Emerald Group Publishing Limited
Copyright © 2008, Emerald Group Publishing Limited
EIPC Conference Rome
Article Type: Exhibitions and conferences From: Circuit World, Volume 34, Issue 2.
January 24 and 25 2008
Day 1 Thursday, 24 January
The many delegates were welcomed by Rex Rozario, the EIPC President, who outlined some of the events that are to take place in Europe and elsewhere during the coming year. He reported that in China Somacis- Graphic are now producing 30-layer multilayer boards with 97.8 per cent yields after 4 months in production, and flex/flex-rigid boards are also in production. They will break-even in the next 3-4 months, so within the first year of manufacture. Well, that is how it used to be in Europe. But Rex was confident for the future in spite of a shaky start to the year.
EIPC President Rex Rozario welcoming delegates to the January conference
Russ Crockett from Du Pont was the moderator for the Management and Technology overviews. Anthony Walker from RTC North talked about ProSurf under Framework 6 Coordination Action, promoting innovation in the surface finishing and printed circuit board manufacture industries. The web site is available to the industry, and may be found on www.prosurf-online.eu. Anthony talked about partnering opportunities under Framework 7. New knowledge, improving competitiveness, and developing the European research area were amongst the aims. The structure was clear people, ideas, cooperation and capacities. About 50 billion is available over the next 10 years, and interested parties will find that an organisation called Cordis is the main route into FP7. ETI support projects and a National Contact Point are in every country; there are also regional contact points. But the main point is to help yourself, work with people you know, in an industry you understand.
Bernard Bismuth spoke on behalf of FIEN, who were founded in 2002. Not a trade union or trade association, they are more of a think tank. The membership is 1,100 companies, and 50 per cent of their production is for export. It is less to do with protection; it is more to do with showing how electronics can play a major role in the future needs of society. The EC does not seem to include manufacturing in its thinking even now, so Bernard would like a cooperation that can bring ideas in this field to the commissioners. The markets that will be served will be smaller (cars, telecoms) but bigger in the industrial medical and aerospace sectors. Other new opportunities lie in power savings for the home, in transport, in industry, and individual well-being, at the home, and in medical care. PCBs represent 12 per cent of the components sector, and are therefore vital. Bernard made it clear that the USA, Japan, Taiwan and Korea are each three times bigger than Europe, but they have only one language, against 25 in Europe, and in Europe we all compete with one another. What is needed is a way in which we can develop products which can be manufactured, not elsewhere, but in Europe.
Bernard is passionate about this, the need for Europe to be careful. If we lose all manufacture out of Europe we will lose all R&D as well; but how we supported manufacturing was not entirely clear. Innovation in the process is as important as innovation in manufacturing. And on the subject of innovation, why were there so few manufacturers at this conference? Considerations include language, time, cost, staff reductions. But, suggested Bernard, why not have manufacturers supported by the EC to attend seminars such as the EIPC ones? We should talk to the people in Brussels. One for all, and all for one, was his mantra. Flawless rationale, a difficult route internationale.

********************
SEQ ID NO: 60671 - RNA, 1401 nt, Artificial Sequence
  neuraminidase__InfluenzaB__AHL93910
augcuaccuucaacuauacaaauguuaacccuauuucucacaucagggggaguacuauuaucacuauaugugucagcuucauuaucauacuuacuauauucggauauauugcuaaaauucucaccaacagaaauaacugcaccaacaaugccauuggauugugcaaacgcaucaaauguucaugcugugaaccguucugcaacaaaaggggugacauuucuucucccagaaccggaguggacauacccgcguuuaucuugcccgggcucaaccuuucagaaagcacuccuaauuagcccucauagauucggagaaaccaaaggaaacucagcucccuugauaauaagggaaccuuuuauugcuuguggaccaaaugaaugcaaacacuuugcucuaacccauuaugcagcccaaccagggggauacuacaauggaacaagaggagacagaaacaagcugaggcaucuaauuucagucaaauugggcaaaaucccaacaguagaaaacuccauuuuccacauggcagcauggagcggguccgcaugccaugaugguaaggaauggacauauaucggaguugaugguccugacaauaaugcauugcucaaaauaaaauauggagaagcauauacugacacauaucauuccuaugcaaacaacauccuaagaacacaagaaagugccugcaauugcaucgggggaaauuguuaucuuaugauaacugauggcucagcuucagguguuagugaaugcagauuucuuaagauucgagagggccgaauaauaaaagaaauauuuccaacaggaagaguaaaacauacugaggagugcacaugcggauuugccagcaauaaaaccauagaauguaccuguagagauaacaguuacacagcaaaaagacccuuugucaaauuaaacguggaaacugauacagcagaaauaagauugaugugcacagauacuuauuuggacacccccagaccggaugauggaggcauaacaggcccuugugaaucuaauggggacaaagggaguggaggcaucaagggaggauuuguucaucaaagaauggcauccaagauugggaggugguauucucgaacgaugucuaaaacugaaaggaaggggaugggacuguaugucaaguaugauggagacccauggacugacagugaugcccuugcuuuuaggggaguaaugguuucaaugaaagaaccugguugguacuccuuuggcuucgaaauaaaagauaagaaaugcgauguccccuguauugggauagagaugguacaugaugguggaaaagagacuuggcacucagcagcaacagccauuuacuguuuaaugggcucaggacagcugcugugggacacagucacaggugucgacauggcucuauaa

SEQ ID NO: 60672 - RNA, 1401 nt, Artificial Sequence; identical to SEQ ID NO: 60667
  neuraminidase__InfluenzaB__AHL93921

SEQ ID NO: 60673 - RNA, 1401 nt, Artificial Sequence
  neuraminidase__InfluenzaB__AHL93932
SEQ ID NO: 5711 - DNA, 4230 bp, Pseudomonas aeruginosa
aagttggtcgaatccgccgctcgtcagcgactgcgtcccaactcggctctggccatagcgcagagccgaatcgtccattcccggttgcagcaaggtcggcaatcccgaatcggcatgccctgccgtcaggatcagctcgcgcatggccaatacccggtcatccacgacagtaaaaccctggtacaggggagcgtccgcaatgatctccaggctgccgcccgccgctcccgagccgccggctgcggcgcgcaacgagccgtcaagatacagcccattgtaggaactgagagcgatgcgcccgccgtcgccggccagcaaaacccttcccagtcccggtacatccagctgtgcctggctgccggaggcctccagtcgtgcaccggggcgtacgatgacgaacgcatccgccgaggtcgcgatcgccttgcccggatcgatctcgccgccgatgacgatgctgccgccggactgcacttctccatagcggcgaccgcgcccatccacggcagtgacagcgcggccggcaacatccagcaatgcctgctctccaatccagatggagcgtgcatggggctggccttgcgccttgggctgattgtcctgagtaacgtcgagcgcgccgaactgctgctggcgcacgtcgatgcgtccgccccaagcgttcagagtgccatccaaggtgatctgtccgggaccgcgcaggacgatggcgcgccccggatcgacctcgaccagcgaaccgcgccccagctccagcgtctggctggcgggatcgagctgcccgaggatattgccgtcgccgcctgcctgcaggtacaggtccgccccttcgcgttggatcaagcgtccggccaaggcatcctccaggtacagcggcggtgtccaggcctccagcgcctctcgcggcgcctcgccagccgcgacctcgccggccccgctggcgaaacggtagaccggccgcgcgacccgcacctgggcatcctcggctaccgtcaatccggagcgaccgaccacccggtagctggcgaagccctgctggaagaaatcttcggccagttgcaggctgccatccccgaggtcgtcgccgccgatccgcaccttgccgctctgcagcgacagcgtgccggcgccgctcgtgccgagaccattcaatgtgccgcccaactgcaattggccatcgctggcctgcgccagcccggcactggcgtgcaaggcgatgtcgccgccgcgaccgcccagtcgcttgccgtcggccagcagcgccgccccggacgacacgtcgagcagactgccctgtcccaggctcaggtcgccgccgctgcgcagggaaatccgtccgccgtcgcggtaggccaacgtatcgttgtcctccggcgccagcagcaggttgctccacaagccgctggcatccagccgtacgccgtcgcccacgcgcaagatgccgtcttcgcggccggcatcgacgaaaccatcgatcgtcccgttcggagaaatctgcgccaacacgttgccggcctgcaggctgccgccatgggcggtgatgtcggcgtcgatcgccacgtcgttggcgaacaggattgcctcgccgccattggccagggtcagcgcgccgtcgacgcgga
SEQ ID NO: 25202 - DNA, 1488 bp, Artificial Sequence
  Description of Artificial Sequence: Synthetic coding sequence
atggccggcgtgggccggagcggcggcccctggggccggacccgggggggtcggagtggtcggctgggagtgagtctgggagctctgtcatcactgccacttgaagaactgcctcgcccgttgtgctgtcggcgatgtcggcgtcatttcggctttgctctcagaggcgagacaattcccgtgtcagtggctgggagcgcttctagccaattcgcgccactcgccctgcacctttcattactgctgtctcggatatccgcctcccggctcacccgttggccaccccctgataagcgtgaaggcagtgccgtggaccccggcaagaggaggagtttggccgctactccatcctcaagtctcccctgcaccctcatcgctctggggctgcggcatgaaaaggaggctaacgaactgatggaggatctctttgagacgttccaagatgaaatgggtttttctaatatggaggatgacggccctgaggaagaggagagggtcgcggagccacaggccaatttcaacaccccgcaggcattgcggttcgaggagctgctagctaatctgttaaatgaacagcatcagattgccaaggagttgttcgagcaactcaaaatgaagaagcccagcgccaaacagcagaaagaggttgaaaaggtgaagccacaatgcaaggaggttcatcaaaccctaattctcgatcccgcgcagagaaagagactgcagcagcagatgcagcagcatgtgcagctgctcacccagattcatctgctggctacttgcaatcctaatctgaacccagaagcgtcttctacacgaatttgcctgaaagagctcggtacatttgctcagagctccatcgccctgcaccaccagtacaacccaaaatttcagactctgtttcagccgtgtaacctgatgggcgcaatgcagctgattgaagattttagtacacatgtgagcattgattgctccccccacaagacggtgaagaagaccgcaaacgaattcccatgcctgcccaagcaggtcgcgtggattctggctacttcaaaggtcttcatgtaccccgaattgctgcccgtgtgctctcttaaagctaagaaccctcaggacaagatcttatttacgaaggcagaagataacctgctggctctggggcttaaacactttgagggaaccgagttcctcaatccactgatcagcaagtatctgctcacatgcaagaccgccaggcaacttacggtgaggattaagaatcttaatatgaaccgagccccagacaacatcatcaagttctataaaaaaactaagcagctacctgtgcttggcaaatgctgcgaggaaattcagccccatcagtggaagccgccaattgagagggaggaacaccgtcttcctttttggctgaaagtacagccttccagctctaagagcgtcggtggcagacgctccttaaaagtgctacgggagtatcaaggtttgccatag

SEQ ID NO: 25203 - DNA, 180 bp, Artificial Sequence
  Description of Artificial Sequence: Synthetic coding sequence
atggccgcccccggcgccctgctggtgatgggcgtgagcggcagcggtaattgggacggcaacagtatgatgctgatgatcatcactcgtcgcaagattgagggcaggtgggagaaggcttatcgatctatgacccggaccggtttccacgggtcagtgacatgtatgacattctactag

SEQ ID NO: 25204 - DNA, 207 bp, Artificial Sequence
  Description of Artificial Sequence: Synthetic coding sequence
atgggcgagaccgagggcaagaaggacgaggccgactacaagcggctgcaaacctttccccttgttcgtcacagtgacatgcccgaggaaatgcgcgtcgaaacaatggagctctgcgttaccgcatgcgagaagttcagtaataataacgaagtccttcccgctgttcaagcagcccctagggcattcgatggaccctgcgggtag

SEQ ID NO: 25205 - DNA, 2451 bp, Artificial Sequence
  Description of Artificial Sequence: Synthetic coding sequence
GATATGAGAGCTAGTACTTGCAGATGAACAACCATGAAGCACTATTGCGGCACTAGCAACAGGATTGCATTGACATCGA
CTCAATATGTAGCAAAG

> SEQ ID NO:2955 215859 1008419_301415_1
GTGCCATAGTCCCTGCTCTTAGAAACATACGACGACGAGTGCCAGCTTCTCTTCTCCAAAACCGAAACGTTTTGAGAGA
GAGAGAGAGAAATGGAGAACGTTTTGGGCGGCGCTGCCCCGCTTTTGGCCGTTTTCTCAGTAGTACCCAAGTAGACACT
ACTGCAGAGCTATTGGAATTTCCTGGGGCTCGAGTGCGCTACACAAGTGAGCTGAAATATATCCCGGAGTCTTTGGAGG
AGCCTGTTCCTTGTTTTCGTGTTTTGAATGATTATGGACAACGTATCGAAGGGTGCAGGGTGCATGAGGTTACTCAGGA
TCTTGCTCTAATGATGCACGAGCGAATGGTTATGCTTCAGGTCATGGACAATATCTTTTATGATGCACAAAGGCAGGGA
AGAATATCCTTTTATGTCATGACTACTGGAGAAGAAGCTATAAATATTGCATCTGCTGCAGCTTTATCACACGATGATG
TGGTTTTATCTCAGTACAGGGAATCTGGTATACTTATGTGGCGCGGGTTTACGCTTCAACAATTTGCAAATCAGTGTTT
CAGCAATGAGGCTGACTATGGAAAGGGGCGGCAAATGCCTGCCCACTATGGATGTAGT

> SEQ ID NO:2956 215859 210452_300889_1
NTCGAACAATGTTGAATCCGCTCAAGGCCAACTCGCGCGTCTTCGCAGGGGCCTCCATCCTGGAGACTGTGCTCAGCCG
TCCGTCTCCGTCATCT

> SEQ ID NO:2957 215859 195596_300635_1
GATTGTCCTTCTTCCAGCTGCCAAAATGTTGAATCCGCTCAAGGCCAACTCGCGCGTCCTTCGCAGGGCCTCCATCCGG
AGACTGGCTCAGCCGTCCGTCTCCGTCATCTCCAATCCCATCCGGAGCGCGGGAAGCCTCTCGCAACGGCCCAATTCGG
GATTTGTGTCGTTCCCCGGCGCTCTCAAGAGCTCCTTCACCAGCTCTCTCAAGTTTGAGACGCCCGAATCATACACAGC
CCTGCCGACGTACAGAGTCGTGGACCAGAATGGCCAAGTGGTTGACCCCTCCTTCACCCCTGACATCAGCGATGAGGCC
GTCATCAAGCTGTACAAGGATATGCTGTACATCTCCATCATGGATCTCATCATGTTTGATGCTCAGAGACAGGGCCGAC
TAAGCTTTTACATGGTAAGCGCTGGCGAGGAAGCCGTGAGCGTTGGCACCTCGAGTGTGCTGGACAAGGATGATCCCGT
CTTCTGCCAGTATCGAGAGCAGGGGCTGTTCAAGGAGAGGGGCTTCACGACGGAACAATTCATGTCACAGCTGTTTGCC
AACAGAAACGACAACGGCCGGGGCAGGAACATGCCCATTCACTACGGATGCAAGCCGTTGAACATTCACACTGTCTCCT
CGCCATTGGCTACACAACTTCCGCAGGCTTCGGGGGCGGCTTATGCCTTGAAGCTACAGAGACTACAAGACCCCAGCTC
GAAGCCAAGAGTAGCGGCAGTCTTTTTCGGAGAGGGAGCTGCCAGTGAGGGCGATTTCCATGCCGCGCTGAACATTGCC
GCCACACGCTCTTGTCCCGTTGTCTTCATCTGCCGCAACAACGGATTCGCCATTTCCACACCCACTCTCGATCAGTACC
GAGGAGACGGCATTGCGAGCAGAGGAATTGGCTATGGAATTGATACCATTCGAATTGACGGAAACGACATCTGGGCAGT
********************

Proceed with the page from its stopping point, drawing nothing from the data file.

Dominique Pellizzari is the boss of the CIRE Group, and wondered what can the European PCB industry do to get stronger? Some facts and figures first the French PCB industry represents 9 per cent of European production, it is worth 234 million, and comprises just 31 companies (down from 68), and they are the fifth largest producer in Europe. Most members are small-medium companies, serving an 800 billion electronics industry in France; challenges include a reduced supplier base, restrictions on number of hours, tougher environmental regulations, and changes in the “value chain”.
The structure of FIEN was described, with Gixel, FIEEC, and a competitive cluster, such as in Toulouse, where the companies and universities specialise in aerospace with technology companies gathering together in serving one industry sector. Insurance, payment terms, industry standards and regulations were all matters which came under FIEEC and FIEN takes on the promotion in all aspects, lobbying to promote R&D. Translate such a national approach into a European one was the point made by Dominique.
Giacomo Angeloni from Somacis in Italy had a swift look over his shoulder. Well, there were 767 PCB manufacturers in Europe in 1990, now there are just 342. The PCB market in 2000 was 4,775 million, and this has dropped down to 2,748 million in 2006. In Italy, the number of PCB companies has dropped down from 167 to 33, and there are 25 per cent less people employed in the PCB industry in Italy than there were before.
Giacomo Angeloni from Somacis in Italy
What manufacture we have left is paying higher prices for most of its supplies. We are paying about twice as much for petrol in Europe as they do in China. In Italy motorists are paying $1.56 per litre, against $0.69 per litre in China. Looking at what the EC does for industry, the answer appears to be not a lot; 45 per cent of expenditure is in agriculture. But surely we should be investing in technology, not crops. Technical economical and political actions are needed; we need European funds for research, for it is on the back of innovation that we shall survive. Much team work is needed here, said Giancomo. Like Bernard, Giancomo is looking at the EC for assistance, but it maybe that the commissioners have to be persuaded that the future lies in technological innovation, not olive trees.